I believe this has become especially true with how we approach scripture. Often times we take things very literally, perhaps too literally.
Because we are not experiencing scripture in the time and culture it occurred, and in the original language it was spoken, we are not always able to truly hear the poetry, the hyperbole and art of the absurd that would have been the mark of any good speaker or story-teller back in the day.
And, it often seems that when it comes to Jesus, unless if he prefaces something by saying it’s a story or a parable, we want to take everything he says as literal fact.
Maybe it is…sometimes. Maybe it’s not…sometimes.
So, when we come across a scripture like today’s, we can find ourselves immediately feeling uncomfortable, and perplexed.
As presented by the gospel writer of Luke, we hear Jesus seeming to talk about the end times. He speaks of cosmic signs, of nations being confused, and of having the strength to escape all that will take place.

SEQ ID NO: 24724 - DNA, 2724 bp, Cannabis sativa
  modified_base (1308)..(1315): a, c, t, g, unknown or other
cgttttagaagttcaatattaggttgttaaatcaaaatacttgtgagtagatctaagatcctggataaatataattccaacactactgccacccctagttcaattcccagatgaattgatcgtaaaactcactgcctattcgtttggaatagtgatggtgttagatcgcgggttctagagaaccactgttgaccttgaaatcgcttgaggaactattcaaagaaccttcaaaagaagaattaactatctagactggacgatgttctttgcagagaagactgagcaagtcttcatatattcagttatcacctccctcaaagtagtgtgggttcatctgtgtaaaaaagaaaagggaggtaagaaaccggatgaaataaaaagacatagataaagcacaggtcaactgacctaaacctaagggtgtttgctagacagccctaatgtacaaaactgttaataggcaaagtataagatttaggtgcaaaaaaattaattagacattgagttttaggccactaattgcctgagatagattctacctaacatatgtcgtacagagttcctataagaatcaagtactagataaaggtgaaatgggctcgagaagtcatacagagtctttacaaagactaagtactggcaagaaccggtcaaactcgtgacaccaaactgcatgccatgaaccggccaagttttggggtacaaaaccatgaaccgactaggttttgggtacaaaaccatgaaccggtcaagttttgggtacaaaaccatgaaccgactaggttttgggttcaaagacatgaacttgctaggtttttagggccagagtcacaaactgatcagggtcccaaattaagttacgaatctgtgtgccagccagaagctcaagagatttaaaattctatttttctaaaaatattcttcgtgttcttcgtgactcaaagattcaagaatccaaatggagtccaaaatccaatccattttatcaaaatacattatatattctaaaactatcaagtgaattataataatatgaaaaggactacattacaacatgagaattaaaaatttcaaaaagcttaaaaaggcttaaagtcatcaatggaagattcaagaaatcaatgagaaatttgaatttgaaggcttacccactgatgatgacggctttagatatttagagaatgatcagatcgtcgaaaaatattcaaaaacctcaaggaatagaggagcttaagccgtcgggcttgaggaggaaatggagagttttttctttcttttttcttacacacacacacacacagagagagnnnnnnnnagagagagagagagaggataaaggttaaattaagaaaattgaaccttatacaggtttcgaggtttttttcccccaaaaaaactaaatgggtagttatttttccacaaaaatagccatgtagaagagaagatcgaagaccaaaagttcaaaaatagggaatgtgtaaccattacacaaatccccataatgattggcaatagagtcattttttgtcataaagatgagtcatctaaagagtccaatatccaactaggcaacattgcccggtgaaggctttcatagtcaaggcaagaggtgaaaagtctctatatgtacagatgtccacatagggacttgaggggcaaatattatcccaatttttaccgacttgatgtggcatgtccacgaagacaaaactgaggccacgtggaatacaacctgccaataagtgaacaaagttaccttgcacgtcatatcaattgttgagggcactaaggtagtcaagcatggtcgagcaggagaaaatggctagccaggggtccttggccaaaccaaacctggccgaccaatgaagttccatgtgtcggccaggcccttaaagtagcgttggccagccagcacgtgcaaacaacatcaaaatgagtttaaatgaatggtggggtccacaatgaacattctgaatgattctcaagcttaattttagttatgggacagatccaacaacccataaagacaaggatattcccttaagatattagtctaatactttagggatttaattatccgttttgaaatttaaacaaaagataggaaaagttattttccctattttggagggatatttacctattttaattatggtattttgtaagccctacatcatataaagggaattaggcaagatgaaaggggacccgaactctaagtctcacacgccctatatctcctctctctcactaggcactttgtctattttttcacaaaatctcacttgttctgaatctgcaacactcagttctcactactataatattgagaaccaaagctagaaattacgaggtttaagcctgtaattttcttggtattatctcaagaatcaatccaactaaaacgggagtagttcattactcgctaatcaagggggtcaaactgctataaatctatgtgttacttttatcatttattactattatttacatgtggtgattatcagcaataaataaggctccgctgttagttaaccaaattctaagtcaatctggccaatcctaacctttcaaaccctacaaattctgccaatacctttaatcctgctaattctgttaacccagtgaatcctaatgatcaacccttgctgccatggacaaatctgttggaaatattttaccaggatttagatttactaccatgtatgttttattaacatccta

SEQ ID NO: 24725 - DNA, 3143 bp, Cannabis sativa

When we hear this passage we may feel scared, ready to run away and bury our head.
But if we do, we may also fail to hear the way in which Jesus has infused his monologue with hope, with power, and with the poetic symbolism of peace and plenty it ultimately points to.
First, note the way in which Jesus makes specific reference to certain things- the sun, the moon, the stars, the sea. As modern-Americans we hear those words and immediately our brains form concrete images to go with these words.
But what if Jesus isn’t being so concrete? What if he’s speaking in a code that back then his listeners could hear and understand?